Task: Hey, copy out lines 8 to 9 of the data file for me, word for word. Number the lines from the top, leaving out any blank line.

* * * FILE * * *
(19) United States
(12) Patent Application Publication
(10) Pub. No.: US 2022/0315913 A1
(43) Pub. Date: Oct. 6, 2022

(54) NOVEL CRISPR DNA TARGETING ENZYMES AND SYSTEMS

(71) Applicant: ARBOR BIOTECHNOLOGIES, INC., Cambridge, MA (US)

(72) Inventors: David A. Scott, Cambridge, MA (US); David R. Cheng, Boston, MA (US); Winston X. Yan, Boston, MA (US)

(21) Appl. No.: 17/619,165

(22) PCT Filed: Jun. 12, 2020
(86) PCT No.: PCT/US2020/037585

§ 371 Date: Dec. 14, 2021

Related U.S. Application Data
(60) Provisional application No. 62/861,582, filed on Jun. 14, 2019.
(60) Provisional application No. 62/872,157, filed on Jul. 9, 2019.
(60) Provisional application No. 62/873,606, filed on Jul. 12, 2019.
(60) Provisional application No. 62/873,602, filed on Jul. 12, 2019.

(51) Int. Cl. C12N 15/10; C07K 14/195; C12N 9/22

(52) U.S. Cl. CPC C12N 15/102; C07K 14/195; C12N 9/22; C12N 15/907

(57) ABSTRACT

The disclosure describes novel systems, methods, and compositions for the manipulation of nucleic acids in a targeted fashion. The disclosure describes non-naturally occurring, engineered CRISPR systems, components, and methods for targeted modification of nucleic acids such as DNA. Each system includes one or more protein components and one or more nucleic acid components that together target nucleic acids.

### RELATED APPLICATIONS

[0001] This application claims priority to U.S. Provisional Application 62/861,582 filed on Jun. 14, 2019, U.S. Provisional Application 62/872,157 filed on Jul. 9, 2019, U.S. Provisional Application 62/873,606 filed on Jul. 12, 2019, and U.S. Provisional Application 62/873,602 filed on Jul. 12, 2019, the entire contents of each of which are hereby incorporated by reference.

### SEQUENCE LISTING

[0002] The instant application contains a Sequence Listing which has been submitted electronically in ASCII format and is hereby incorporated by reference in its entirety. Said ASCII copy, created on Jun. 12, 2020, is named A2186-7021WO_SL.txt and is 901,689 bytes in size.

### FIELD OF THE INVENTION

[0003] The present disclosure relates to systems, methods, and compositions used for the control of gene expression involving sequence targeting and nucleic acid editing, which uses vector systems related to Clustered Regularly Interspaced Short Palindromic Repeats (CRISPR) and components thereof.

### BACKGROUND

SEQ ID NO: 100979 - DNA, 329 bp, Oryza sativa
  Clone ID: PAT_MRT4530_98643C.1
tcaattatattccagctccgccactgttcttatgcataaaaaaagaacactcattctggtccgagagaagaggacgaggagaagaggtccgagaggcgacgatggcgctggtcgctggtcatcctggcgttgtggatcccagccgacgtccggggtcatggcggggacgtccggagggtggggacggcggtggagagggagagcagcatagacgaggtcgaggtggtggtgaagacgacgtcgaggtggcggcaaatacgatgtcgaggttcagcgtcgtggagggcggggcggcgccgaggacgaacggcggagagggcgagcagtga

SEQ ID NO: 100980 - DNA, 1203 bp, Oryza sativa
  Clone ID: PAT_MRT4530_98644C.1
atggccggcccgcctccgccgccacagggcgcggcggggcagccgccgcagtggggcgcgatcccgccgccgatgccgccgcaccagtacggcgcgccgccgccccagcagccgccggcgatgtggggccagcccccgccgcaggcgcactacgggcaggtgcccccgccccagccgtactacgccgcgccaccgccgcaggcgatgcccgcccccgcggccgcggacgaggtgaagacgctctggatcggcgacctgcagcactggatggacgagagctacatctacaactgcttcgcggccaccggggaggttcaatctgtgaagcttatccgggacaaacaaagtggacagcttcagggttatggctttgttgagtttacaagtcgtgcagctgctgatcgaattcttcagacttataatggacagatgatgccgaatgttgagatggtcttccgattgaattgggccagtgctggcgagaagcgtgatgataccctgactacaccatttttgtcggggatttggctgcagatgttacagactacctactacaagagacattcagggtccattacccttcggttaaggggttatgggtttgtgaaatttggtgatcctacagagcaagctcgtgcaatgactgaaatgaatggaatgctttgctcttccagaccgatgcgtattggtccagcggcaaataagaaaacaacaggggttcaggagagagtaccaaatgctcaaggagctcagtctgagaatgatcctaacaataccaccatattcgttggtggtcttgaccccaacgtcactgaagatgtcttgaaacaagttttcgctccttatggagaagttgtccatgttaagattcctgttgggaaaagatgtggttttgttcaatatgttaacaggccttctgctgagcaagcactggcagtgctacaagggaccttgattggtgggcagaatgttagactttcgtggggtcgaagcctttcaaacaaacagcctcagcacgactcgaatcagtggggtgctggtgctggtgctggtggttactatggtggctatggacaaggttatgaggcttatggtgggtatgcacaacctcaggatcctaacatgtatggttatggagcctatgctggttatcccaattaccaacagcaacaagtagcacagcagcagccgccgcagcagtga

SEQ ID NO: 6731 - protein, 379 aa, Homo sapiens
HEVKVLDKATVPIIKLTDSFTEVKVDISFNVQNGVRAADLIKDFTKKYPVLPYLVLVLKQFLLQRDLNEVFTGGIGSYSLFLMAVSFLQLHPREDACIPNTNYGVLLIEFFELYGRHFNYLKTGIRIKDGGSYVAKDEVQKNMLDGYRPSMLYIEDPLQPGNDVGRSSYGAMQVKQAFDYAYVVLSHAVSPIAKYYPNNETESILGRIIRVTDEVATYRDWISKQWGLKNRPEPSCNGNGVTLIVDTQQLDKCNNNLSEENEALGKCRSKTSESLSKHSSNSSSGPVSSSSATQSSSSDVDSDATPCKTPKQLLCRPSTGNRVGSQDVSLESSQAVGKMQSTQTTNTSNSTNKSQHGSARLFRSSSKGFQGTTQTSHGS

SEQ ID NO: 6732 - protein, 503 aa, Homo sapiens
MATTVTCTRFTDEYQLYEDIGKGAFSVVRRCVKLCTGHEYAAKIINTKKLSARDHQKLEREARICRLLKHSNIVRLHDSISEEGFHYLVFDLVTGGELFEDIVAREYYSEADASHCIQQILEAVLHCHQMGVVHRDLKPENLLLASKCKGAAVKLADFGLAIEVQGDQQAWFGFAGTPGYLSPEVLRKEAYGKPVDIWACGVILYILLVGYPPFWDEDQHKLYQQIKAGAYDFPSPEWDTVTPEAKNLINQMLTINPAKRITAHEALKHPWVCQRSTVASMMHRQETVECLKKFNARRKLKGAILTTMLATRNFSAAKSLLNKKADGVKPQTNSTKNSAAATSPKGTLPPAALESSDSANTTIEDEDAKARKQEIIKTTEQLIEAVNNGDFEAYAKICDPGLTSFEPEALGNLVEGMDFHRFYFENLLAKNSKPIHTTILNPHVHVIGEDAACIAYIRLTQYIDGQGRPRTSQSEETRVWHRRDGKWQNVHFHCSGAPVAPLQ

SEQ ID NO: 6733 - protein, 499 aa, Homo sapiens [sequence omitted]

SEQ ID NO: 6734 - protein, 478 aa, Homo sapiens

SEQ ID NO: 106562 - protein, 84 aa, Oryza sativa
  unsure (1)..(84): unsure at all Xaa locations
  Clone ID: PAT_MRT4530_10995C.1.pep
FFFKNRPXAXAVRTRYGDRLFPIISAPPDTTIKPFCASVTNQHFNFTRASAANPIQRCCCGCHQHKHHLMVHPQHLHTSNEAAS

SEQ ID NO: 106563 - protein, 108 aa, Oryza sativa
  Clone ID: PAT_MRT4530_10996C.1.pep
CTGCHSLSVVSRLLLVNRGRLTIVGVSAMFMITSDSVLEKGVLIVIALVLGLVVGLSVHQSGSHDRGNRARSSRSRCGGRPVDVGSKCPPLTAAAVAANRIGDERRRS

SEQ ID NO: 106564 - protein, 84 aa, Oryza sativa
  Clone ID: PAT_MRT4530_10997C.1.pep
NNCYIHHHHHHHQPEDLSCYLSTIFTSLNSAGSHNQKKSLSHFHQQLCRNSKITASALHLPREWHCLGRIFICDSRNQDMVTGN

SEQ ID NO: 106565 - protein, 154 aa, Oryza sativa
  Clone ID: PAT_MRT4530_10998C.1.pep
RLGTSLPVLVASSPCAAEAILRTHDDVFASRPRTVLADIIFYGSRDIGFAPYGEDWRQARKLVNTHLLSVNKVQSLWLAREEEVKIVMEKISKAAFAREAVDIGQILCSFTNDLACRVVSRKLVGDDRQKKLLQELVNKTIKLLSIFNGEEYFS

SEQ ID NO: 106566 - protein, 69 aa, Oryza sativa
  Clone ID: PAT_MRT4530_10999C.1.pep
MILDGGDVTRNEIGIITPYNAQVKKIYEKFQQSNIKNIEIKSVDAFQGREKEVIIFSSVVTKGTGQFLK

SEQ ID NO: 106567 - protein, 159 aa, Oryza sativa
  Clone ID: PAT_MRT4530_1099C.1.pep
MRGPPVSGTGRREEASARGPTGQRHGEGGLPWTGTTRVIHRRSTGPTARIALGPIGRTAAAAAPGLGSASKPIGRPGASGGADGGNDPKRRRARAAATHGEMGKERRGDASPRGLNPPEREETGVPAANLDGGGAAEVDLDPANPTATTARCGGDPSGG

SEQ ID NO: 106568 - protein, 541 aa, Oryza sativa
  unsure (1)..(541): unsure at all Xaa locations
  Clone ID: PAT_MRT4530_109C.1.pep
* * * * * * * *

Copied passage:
(21) Appl. No.: 17/619,165

(22) PCT Filed: Jun. 12, 2020